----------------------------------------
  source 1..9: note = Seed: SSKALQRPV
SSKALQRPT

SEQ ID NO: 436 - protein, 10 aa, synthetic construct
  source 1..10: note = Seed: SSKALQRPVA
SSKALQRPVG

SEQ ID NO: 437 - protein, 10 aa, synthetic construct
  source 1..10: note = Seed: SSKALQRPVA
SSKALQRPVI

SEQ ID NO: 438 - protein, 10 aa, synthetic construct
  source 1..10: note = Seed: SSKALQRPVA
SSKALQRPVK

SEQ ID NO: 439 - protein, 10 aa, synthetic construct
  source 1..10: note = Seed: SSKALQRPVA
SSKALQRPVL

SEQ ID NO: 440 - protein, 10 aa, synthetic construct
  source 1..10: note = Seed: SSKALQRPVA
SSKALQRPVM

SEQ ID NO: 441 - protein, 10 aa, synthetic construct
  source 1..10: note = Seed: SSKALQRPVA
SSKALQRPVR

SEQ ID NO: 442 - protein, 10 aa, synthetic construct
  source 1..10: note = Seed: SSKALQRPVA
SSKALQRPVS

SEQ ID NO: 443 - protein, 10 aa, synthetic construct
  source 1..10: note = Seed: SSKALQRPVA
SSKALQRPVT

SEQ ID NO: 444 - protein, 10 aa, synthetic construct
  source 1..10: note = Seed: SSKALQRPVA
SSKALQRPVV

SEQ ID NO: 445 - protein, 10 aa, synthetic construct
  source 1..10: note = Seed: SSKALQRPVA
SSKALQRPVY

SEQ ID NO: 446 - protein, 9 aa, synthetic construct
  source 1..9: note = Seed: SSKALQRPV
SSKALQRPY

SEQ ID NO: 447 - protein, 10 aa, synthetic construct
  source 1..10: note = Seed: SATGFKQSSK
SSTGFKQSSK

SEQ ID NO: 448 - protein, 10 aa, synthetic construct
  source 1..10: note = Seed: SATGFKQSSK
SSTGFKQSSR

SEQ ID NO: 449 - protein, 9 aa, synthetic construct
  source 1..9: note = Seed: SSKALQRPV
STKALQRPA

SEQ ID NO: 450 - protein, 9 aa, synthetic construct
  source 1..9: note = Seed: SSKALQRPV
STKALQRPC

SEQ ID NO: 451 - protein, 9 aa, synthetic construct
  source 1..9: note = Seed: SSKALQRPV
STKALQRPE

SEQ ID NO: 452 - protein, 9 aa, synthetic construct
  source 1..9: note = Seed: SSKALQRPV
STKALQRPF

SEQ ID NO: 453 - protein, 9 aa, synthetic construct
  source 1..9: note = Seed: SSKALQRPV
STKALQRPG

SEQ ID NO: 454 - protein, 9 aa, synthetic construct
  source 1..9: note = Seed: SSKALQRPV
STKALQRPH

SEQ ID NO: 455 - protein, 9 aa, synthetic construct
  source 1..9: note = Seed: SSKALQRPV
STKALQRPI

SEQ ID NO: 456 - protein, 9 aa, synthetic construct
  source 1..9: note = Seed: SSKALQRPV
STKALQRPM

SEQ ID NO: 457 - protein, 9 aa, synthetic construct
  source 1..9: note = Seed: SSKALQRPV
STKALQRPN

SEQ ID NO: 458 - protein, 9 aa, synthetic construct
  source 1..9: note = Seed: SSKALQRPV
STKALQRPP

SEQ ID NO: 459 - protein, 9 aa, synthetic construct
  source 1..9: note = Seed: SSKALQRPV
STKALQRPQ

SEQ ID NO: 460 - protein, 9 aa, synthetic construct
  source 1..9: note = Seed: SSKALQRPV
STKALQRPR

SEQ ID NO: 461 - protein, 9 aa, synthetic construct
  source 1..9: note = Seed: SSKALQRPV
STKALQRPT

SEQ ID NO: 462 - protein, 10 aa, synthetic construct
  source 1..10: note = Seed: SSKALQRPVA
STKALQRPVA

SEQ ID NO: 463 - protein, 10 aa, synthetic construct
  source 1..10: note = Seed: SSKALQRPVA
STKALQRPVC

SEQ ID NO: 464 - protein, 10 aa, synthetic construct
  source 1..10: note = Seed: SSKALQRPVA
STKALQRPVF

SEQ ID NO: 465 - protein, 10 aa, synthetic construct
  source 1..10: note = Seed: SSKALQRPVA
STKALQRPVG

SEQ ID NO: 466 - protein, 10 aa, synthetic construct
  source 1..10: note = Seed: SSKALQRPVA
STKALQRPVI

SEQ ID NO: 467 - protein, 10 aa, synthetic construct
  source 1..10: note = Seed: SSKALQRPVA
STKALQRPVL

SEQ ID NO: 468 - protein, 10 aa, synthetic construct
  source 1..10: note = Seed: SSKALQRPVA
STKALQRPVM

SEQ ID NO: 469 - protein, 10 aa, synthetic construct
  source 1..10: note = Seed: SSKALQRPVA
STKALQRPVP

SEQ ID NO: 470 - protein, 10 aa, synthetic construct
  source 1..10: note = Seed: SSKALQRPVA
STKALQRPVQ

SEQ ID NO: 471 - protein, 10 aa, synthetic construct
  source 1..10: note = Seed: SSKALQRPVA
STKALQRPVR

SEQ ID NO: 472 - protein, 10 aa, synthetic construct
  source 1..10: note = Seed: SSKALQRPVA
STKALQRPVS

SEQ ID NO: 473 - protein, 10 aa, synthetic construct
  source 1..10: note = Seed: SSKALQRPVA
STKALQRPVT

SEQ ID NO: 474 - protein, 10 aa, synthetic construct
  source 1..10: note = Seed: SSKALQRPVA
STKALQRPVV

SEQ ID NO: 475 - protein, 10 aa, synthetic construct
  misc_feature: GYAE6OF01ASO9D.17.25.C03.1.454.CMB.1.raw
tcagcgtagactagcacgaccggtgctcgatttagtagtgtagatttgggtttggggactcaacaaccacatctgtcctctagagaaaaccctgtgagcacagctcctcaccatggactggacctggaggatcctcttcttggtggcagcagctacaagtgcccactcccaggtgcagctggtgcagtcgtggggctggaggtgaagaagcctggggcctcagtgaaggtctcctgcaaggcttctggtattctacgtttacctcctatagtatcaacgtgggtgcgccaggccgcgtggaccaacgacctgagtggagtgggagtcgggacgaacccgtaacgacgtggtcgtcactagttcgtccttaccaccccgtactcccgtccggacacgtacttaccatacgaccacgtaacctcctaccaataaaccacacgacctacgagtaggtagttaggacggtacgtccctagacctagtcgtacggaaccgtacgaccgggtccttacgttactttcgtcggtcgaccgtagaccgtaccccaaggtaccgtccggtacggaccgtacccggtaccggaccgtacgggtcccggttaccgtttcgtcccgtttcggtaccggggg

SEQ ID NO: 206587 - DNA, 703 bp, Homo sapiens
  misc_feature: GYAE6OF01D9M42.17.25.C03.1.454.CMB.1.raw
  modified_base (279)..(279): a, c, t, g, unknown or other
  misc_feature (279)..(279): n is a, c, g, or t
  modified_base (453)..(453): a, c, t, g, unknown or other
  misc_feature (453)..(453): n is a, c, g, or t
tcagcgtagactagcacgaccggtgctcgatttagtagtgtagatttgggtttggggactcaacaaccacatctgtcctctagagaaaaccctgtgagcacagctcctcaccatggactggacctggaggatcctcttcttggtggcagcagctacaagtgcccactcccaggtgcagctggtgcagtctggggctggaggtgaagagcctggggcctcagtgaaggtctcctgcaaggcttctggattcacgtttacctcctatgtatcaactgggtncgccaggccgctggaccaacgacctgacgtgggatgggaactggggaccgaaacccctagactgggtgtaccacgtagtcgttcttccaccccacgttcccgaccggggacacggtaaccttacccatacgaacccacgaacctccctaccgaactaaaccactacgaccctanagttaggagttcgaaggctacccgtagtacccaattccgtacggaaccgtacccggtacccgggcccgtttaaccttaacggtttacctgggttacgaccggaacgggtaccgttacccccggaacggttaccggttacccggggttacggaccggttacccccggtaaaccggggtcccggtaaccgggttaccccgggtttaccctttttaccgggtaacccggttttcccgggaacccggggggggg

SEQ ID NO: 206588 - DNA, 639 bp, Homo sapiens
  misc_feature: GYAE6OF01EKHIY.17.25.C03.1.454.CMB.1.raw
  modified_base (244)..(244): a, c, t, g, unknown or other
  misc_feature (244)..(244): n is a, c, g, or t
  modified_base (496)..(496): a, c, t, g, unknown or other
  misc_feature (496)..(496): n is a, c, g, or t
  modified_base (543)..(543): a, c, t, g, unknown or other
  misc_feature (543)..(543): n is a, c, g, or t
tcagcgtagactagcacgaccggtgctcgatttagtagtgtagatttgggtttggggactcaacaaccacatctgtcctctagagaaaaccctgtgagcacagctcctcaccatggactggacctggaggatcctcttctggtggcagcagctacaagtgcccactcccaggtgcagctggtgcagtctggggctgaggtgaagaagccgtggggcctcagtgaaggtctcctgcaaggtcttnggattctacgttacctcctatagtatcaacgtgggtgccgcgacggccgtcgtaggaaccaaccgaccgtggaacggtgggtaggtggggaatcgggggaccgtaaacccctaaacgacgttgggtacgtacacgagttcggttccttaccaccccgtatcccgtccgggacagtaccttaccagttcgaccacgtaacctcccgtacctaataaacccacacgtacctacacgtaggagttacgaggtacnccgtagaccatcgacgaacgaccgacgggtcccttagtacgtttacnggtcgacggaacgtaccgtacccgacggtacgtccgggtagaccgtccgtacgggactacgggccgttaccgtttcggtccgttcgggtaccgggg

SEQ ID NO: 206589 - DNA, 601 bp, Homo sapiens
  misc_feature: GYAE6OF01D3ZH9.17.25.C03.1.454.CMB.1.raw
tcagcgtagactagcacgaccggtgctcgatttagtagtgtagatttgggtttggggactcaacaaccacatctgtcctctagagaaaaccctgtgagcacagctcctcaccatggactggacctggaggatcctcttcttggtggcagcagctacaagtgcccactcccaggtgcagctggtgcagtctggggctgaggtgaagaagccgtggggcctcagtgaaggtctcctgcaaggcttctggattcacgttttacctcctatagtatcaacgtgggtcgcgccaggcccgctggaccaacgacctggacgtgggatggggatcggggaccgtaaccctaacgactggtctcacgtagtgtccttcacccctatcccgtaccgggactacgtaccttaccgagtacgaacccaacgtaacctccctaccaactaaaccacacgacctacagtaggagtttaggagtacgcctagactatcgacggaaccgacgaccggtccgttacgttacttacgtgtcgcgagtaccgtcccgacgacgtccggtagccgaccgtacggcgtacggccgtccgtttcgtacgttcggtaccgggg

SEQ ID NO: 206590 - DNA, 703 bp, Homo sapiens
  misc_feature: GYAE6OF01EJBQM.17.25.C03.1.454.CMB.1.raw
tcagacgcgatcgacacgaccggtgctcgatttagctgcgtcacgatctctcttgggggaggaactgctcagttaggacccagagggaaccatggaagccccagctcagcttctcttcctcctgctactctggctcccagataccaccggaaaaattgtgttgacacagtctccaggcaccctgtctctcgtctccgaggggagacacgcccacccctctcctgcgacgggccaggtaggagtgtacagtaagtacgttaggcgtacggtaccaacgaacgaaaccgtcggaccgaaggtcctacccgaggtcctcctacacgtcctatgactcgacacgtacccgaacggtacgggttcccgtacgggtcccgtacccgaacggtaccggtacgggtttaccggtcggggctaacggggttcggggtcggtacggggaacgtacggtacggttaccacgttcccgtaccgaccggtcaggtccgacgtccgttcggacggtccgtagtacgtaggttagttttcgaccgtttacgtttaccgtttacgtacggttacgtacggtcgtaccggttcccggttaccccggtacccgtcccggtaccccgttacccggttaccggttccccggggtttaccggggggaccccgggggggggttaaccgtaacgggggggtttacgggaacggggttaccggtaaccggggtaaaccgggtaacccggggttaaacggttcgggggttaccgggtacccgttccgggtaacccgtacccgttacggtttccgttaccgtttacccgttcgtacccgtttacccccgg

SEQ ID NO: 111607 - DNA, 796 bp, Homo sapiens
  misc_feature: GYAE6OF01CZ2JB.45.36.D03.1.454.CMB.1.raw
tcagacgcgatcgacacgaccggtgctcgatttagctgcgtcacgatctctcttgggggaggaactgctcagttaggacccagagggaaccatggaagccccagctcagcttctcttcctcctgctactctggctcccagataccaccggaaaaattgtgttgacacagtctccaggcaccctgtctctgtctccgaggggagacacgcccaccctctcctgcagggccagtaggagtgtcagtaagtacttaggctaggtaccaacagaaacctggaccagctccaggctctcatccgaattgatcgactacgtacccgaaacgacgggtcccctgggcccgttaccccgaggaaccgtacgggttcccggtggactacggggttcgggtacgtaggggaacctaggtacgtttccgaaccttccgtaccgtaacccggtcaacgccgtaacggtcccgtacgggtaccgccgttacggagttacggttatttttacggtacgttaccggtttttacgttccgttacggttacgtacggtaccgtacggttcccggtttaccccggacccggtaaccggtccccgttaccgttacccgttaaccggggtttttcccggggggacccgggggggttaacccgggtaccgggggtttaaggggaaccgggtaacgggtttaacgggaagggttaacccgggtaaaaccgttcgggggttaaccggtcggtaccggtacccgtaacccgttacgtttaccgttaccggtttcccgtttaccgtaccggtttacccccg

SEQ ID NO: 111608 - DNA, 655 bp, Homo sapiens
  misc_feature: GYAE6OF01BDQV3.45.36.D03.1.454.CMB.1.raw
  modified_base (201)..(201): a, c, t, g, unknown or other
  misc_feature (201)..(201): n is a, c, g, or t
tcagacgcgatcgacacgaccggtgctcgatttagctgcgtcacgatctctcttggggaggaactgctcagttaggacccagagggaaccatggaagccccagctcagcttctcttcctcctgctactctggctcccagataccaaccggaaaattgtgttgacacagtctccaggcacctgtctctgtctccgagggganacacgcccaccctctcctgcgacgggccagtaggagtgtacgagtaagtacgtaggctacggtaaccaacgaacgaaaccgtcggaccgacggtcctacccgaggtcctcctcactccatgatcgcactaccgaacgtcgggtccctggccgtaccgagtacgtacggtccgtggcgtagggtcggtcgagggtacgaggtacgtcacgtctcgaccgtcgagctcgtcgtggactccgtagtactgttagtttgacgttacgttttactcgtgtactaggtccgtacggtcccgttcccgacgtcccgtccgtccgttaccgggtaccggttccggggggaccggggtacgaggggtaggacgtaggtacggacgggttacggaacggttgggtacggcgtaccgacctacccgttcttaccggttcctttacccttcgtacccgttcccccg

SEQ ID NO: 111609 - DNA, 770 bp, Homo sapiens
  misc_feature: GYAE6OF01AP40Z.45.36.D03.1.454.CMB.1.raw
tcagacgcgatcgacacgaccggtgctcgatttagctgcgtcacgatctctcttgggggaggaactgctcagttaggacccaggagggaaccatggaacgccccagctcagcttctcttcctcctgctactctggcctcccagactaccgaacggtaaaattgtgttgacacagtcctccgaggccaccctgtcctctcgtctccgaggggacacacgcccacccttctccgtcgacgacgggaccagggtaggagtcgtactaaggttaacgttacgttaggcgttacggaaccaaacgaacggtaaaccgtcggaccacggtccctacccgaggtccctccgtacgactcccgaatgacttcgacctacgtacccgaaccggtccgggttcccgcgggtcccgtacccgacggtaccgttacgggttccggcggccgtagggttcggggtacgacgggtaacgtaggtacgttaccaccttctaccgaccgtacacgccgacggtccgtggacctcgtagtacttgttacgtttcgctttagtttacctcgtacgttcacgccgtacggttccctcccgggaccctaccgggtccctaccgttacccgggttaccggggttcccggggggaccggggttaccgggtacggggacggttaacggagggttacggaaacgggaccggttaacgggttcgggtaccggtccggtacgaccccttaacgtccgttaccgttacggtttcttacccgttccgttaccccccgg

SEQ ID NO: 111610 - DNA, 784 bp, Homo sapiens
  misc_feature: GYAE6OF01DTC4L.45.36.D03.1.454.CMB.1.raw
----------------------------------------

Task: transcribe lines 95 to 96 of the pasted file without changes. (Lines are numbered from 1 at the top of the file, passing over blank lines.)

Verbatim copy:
STKALQRPVI

SEQ ID NO: 467 - protein, 10 aa, synthetic construct